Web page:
see volume variance
the profit earned by a responsibility center that exceeds an amount "charged" for funds committed to that center
current compensation that is taxed at a future date
current compensation that is never taxed
A security that pays a specified cash flow over a
An item with a longevity greater than one year, and which exceeds a companyâ€™s
A cost that does not vary in the short run, irrespective of changes in any
That portion of total overhead costs which remains constant in size
Net earnings after all expenses for an accounting period are subtracted from all
A financial report that summarizes a companyâ€™s revenue, cost of
A government tax on the income earned by an individual or corporation.
The excess of revenues over expenses, including the impact of income taxes.
The net income of a business, less the impact of any financial activity,
common-size income statement
income statement that presents items as a percentage of revenues.
Costs that do not depend on the level of output.
Financial statement that shows the revenues, expenses, and net income of a firm over a period of time.
Also called economic value added. Profit minus cost of capital employed.
income less income tax.
Fixed Exchange Rate
An exchange rate held constant by a government promise to buy or sell dollars at the fixed rate on the foreign exchange market.
A policy designed to lower inflation without reducing aggregate demand. Wage/price controls are an example.
GDP with some adjustments to remove items that do not make it into anyone's hands as income, such as indirect taxes and depreciation. Loosely speaking, it is interpreted as being equal to GDP.
National Income and Product Accounts
The national accounting system that records economic activity such as GDP and related measures.
Permanent Income Hypothesis
Theory that individuals base current consumption spending on their perceived long-run average income rather than their current income.
income expressed in base-year dollars, calculated by dividing nominal income by a price index.
Tax-Related Incomes Policy (TIP)
Tax incentives for labor and business to induce them to conform to wage/price guidelines.
Employee Retirement Income Security Act of 1974 (ERISA)
A federal Act that sets minimum operational and funding standards for employee benefit
Accumulated Other Comprehensive Income
Cumulative gains or losses reported in shareholders'
Adjusted Income from Continuing
Operations Reported income from continuing operations
Pretax income reported on the income statement.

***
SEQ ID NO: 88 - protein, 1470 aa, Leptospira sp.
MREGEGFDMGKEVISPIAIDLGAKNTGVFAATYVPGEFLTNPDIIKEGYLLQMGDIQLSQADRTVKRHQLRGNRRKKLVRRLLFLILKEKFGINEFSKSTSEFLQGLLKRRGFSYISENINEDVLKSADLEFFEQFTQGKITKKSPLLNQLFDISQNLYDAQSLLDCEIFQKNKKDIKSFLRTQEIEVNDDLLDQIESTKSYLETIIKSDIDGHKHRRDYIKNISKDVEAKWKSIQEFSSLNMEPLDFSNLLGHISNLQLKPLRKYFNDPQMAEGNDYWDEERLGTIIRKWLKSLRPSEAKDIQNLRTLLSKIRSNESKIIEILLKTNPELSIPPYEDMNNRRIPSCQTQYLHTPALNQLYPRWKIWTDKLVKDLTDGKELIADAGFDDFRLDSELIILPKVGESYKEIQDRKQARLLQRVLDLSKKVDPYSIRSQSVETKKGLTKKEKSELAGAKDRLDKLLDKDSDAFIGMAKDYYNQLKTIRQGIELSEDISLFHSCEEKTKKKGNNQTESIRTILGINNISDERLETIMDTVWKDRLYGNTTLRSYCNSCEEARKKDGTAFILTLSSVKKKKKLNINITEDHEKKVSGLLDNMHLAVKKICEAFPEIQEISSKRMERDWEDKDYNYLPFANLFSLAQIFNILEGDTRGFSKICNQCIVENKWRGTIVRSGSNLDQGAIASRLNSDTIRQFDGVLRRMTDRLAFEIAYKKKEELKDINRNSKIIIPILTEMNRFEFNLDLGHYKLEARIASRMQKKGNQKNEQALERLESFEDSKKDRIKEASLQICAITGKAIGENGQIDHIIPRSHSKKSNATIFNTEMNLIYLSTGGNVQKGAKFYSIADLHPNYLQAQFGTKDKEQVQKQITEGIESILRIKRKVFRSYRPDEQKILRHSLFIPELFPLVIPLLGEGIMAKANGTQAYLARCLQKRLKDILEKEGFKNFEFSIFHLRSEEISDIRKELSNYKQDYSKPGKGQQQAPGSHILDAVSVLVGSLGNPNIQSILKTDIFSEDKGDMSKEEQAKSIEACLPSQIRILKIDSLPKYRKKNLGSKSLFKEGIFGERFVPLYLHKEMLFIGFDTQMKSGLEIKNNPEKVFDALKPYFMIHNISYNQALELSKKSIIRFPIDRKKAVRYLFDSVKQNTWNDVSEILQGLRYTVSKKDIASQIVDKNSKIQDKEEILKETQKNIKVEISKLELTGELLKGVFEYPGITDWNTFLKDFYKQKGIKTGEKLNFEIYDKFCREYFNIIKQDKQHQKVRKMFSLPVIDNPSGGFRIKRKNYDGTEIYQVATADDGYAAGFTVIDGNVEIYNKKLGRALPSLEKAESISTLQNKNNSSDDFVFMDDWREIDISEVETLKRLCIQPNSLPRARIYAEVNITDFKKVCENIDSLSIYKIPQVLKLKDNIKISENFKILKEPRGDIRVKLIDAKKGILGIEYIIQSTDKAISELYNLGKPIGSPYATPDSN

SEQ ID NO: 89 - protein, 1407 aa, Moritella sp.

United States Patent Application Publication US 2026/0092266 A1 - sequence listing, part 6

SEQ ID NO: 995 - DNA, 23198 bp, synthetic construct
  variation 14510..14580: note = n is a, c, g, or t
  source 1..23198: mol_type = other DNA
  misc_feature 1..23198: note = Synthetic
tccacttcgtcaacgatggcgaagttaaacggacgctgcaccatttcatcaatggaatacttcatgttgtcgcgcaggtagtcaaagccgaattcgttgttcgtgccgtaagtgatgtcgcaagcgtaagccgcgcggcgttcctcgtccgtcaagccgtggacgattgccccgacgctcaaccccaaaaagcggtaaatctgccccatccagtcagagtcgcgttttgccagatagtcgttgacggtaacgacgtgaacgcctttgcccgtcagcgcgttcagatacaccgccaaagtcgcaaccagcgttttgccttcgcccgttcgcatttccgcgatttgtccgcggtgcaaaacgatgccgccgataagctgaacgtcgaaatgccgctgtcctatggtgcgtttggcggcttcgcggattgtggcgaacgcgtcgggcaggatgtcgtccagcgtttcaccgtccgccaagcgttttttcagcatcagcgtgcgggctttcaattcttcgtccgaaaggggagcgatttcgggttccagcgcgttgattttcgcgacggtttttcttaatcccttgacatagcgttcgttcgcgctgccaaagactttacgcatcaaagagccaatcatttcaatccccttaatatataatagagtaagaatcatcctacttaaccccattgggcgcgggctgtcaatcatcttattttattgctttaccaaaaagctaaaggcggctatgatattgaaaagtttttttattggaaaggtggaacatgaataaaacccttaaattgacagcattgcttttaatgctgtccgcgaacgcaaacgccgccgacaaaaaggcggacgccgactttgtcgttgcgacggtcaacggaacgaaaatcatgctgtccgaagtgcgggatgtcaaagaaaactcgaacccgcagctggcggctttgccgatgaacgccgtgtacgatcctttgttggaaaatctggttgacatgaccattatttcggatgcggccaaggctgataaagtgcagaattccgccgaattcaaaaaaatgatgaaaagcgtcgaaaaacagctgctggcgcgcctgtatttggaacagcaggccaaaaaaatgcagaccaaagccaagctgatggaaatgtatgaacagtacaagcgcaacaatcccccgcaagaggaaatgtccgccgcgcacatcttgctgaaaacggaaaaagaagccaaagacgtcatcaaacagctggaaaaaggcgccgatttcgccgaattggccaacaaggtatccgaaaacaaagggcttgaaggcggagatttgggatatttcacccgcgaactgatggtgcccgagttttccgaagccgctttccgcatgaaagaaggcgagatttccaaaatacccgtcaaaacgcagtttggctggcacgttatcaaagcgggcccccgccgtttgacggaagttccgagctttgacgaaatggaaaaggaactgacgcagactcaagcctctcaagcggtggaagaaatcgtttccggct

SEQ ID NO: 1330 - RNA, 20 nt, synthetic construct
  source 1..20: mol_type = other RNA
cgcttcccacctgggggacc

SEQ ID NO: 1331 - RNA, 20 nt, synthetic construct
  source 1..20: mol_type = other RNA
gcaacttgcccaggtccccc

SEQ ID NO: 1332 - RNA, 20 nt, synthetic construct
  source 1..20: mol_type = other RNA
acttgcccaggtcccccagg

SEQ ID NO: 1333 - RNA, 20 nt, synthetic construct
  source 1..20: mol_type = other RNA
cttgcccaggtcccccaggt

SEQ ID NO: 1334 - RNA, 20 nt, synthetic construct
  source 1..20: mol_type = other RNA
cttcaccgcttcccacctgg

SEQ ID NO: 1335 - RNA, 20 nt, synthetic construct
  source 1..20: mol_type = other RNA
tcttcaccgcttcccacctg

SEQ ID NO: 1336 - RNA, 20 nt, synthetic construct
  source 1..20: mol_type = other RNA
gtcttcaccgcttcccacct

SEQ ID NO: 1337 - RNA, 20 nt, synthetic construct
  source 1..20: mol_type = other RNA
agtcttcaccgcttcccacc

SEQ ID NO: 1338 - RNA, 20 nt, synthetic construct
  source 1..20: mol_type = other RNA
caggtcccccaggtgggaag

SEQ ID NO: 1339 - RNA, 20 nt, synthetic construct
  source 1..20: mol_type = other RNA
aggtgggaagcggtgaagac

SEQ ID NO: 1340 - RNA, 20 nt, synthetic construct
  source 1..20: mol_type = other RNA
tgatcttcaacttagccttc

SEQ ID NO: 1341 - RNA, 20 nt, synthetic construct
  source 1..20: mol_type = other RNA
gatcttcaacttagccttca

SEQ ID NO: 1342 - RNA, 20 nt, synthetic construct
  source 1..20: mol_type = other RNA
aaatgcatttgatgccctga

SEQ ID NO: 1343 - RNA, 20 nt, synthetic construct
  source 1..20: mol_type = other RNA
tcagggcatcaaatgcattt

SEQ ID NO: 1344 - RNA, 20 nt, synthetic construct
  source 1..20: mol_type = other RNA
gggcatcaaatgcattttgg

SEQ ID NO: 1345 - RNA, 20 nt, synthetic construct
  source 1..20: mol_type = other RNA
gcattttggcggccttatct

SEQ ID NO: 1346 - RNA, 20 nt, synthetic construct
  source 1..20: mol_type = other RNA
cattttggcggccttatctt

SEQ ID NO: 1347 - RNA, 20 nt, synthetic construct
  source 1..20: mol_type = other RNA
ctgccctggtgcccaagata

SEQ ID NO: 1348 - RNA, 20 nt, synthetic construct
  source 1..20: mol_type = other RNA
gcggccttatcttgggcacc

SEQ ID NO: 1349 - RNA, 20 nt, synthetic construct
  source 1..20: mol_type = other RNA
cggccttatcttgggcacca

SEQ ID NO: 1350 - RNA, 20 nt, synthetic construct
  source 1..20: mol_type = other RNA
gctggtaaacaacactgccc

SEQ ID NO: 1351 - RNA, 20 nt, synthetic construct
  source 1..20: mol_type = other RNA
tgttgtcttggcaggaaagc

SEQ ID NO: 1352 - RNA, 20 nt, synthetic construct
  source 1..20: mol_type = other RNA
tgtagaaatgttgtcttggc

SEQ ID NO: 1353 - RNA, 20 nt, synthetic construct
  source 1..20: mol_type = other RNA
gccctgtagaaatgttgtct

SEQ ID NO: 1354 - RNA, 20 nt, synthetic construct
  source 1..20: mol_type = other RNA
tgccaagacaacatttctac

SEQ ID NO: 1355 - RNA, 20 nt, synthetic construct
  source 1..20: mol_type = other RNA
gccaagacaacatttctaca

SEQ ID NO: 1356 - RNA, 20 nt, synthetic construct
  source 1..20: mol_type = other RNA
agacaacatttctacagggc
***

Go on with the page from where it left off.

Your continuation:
Cash Flowâ€“toâ€“Income Ratio (CFI)
Adjusted cash flow provided by continuing operations
Current Income Tax Expense
That portion of the total income tax provision that is based on
Deferred Income Tax Expense
That portion of the total income tax provision that is the result
Income from Continuing Operations
After-tax net income before discontinued operations,
A form of earnings management designed to remove peaks and valleys
Income Tax Expense
See income tax provision.
Income Tax Provision
The expense deduction from pretax book income reported on the
A measure of results produced by the core operations of a firm. It is common
income subject to income tax as reported on the tax return.
An inventory storage technique under which permanent
income that has been earned but not yet received. For instance, if you have a non-registered Guaranteed Investment Certificate (GIC), Mutual Fund or Segregated Equity Fund, growth accrues annually or semi-annually and is taxable annually even though the gain is only paid at maturity of your investment.
This is a tax planning strategy of arranging for income to be transferred to family members who are in lower tax brackets than the one earning the income, thus reducing taxes. Even though attribution rules limit income splitting, there are still a number of legitimate ways to do so, such as through the use of spousal RRSPs.
Life Income Fund
Commonly known as a LIF, this is one of the options available to locked in Registered Pension Plan (RPP) holders for income payout as opposed to Registered Retirement Savings Plan (RRSP) holders choice of payout through Registered Retirement income Funds (RRIF). A LIF must be converted to a unisex annuity by the time the holder reaches age 80.
Registered Retirement Income Fund (Canada)
Commonly referred to as a RRIF, this is one of the options available to RRSP holders to convert their tax sheltered savings into taxable income.
This is a generic term that refers to the many different forms of financing a business may use. For example - loans, shares, and bonds are all considered financing instruments.
Land, buildings, plant, equipment, and other assets acquired for carrying on the business of a company with a life exceeding one year. Normally expressed in financial accounts at cost, less accumulated depreciation.